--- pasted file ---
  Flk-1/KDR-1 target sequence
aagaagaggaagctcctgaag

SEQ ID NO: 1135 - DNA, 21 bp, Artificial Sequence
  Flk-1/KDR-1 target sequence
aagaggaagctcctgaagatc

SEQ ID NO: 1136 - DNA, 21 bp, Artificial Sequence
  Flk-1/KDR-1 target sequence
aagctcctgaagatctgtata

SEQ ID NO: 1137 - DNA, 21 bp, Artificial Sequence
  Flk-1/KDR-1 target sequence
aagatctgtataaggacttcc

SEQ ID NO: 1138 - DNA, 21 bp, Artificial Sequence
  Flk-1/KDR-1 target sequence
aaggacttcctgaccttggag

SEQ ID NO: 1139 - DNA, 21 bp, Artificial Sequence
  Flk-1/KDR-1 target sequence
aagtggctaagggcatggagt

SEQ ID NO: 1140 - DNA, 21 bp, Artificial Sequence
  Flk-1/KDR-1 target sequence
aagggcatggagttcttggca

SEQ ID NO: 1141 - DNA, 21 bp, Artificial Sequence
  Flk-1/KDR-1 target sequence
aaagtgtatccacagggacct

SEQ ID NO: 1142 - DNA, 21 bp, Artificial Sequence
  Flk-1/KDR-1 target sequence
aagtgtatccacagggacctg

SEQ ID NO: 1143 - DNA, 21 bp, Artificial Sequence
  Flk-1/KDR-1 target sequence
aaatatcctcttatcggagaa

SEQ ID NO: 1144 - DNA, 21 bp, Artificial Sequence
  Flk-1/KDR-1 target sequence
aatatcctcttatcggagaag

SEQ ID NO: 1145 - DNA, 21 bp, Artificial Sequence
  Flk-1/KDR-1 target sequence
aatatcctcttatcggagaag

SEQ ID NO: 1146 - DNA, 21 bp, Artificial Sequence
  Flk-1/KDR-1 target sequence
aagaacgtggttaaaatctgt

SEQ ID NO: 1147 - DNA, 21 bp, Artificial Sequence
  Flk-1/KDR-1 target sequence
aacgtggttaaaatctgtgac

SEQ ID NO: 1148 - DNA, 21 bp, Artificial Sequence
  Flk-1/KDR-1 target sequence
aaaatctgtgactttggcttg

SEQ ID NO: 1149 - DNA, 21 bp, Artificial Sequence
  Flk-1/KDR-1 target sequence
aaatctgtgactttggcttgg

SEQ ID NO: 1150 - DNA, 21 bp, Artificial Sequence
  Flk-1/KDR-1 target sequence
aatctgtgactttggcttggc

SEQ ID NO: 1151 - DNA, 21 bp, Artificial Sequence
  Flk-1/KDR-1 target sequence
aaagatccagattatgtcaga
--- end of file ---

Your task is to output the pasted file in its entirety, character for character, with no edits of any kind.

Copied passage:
  Flk-1/KDR-1 target sequence
aagaagaggaagctcctgaag

SEQ ID NO: 1135 - DNA, 21 bp, Artificial Sequence
  Flk-1/KDR-1 target sequence
aagaggaagctcctgaagatc

SEQ ID NO: 1136 - DNA, 21 bp, Artificial Sequence
  Flk-1/KDR-1 target sequence
aagctcctgaagatctgtata

SEQ ID NO: 1137 - DNA, 21 bp, Artificial Sequence
  Flk-1/KDR-1 target sequence
aagatctgtataaggacttcc

SEQ ID NO: 1138 - DNA, 21 bp, Artificial Sequence
  Flk-1/KDR-1 target sequence
aaggacttcctgaccttggag

SEQ ID NO: 1139 - DNA, 21 bp, Artificial Sequence
  Flk-1/KDR-1 target sequence
aagtggctaagggcatggagt

SEQ ID NO: 1140 - DNA, 21 bp, Artificial Sequence
  Flk-1/KDR-1 target sequence
aagggcatggagttcttggca

SEQ ID NO: 1141 - DNA, 21 bp, Artificial Sequence
  Flk-1/KDR-1 target sequence
aaagtgtatccacagggacct

SEQ ID NO: 1142 - DNA, 21 bp, Artificial Sequence
  Flk-1/KDR-1 target sequence
aagtgtatccacagggacctg

SEQ ID NO: 1143 - DNA, 21 bp, Artificial Sequence
  Flk-1/KDR-1 target sequence
aaatatcctcttatcggagaa

SEQ ID NO: 1144 - DNA, 21 bp, Artificial Sequence
  Flk-1/KDR-1 target sequence
aatatcctcttatcggagaag

SEQ ID NO: 1145 - DNA, 21 bp, Artificial Sequence
  Flk-1/KDR-1 target sequence
aatatcctcttatcggagaag

SEQ ID NO: 1146 - DNA, 21 bp, Artificial Sequence
  Flk-1/KDR-1 target sequence
aagaacgtggttaaaatctgt

SEQ ID NO: 1147 - DNA, 21 bp, Artificial Sequence
  Flk-1/KDR-1 target sequence
aacgtggttaaaatctgtgac

SEQ ID NO: 1148 - DNA, 21 bp, Artificial Sequence
  Flk-1/KDR-1 target sequence
aaaatctgtgactttggcttg

SEQ ID NO: 1149 - DNA, 21 bp, Artificial Sequence
  Flk-1/KDR-1 target sequence
aaatctgtgactttggcttgg

SEQ ID NO: 1150 - DNA, 21 bp, Artificial Sequence
  Flk-1/KDR-1 target sequence
aatctgtgactttggcttggc

SEQ ID NO: 1151 - DNA, 21 bp, Artificial Sequence
  Flk-1/KDR-1 target sequence
aaagatccagattatgtcaga